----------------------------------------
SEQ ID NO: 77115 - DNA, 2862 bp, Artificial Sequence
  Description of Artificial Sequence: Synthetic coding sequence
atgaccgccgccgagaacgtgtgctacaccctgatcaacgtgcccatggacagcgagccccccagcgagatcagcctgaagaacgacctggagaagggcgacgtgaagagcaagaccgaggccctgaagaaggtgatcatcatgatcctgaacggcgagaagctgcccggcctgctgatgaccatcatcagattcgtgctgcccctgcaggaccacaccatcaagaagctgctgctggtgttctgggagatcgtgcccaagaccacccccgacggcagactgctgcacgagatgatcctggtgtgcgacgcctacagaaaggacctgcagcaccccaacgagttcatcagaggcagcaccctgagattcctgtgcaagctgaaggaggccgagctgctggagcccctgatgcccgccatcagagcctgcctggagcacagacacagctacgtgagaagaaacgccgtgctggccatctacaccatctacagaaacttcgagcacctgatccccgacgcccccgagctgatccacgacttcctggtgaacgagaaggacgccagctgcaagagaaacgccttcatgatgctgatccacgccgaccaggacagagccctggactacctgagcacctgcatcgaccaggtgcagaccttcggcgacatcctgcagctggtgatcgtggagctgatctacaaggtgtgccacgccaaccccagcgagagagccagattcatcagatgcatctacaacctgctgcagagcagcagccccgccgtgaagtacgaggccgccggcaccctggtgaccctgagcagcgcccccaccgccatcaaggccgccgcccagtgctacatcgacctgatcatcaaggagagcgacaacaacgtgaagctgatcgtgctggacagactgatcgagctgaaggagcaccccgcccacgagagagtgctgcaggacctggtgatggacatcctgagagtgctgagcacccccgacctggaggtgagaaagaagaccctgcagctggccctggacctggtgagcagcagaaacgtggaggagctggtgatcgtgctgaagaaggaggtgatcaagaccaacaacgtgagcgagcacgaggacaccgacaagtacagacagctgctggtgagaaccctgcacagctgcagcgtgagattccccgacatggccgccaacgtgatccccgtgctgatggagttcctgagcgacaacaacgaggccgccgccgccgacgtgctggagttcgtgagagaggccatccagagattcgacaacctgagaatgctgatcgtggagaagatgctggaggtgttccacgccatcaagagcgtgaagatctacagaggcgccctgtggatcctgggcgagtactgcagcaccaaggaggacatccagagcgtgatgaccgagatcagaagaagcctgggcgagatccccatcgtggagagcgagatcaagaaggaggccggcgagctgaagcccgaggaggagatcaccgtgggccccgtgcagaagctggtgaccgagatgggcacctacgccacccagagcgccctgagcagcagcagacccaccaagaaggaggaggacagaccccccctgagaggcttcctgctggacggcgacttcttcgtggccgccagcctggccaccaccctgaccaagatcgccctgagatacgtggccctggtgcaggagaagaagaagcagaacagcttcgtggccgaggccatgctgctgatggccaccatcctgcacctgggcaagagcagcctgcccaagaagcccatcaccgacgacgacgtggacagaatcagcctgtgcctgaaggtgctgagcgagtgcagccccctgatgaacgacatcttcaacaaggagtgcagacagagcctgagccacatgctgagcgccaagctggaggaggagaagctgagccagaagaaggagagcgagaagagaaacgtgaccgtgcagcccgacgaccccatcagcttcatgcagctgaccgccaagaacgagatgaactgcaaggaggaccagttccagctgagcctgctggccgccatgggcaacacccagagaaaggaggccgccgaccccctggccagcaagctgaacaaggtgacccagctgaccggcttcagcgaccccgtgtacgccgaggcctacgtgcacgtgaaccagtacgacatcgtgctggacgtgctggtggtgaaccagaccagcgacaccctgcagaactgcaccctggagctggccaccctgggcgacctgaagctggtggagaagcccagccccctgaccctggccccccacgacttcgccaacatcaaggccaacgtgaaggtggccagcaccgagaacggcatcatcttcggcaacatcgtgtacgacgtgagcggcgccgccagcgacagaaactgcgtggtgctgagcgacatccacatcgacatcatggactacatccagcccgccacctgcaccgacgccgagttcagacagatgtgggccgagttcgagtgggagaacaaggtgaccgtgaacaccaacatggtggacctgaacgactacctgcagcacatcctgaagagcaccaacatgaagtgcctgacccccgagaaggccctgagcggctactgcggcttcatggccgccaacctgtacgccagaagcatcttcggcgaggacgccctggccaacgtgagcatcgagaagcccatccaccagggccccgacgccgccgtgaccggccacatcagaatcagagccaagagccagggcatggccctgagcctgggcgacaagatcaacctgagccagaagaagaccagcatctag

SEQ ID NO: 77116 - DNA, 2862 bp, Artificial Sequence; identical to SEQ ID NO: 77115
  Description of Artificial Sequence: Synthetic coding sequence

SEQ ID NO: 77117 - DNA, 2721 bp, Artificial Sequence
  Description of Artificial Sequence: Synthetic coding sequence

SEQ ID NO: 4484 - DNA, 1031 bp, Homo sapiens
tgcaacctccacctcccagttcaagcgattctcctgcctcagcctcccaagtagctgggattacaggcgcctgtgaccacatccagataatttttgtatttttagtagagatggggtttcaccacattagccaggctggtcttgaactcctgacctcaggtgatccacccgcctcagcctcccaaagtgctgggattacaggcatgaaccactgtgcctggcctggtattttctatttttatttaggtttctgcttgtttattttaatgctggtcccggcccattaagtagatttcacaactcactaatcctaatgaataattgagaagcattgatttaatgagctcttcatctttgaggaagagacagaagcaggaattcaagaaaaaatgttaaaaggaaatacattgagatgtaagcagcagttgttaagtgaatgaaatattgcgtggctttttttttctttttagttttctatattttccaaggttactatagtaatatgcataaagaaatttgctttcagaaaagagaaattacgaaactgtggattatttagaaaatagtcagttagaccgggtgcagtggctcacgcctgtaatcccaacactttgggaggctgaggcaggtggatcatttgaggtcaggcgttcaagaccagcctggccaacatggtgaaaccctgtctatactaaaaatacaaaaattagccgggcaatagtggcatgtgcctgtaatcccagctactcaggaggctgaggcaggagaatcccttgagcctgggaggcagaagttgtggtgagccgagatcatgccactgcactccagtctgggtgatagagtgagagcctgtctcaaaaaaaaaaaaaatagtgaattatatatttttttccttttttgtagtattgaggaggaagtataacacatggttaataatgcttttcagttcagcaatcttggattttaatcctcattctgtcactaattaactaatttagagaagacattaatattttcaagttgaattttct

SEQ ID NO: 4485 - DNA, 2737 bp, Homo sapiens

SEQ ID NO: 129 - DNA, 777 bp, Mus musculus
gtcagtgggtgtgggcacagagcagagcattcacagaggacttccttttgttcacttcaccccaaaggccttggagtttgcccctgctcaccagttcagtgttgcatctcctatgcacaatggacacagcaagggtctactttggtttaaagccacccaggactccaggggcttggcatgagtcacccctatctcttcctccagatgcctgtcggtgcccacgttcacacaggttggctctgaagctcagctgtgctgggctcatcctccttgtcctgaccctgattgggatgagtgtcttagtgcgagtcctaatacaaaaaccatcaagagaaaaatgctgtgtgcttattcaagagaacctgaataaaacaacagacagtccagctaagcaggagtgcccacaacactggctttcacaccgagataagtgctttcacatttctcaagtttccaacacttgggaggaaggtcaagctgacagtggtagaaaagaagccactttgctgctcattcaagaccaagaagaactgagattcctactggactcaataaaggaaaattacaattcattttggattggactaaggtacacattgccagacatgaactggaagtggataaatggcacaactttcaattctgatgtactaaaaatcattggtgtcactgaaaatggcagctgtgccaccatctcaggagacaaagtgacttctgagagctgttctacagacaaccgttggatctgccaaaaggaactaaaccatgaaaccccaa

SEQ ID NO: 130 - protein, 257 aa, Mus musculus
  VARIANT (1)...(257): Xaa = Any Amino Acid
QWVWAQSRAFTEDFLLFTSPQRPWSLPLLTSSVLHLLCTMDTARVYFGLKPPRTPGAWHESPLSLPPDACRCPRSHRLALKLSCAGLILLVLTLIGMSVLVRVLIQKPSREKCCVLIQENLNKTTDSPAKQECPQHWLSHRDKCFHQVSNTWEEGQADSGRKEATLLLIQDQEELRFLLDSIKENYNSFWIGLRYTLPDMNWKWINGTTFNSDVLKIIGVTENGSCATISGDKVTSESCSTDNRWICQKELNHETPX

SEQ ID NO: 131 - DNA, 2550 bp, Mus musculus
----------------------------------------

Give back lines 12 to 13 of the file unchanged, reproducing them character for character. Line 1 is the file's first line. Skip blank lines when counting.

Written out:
gtcagtgggtgtgggcacagagcagagcattcacagaggacttccttttgttcacttcaccccaaaggccttggagtttgcccctgctcaccagttcagtgttgcatctcctatgcacaatggacacagcaagggtctactttggtttaaagccacccaggactccaggggcttggcatgagtcacccctatctcttcctccagatgcctgtcggtgcccacgttcacacaggttggctctgaagctcagctgtgctgggctcatcctccttgtcctgaccctgattgggatgagtgtcttagtgcgagtcctaatacaaaaaccatcaagagaaaaatgctgtgtgcttattcaagagaacctgaataaaacaacagacagtccagctaagcaggagtgcccacaacactggctttcacaccgagataagtgctttcacatttctcaagtttccaacacttgggaggaaggtcaagctgacagtggtagaaaagaagccactttgctgctcattcaagaccaagaagaactgagattcctactggactcaataaaggaaaattacaattcattttggattggactaaggtacacattgccagacatgaactggaagtggataaatggcacaactttcaattctgatgtactaaaaatcattggtgtcactgaaaatggcagctgtgccaccatctcaggagacaaagtgacttctgagagctgttctacagacaaccgttggatctgccaaaaggaactaaaccatgaaaccccaa

SEQ ID NO: 130 - protein, 257 aa, Mus musculus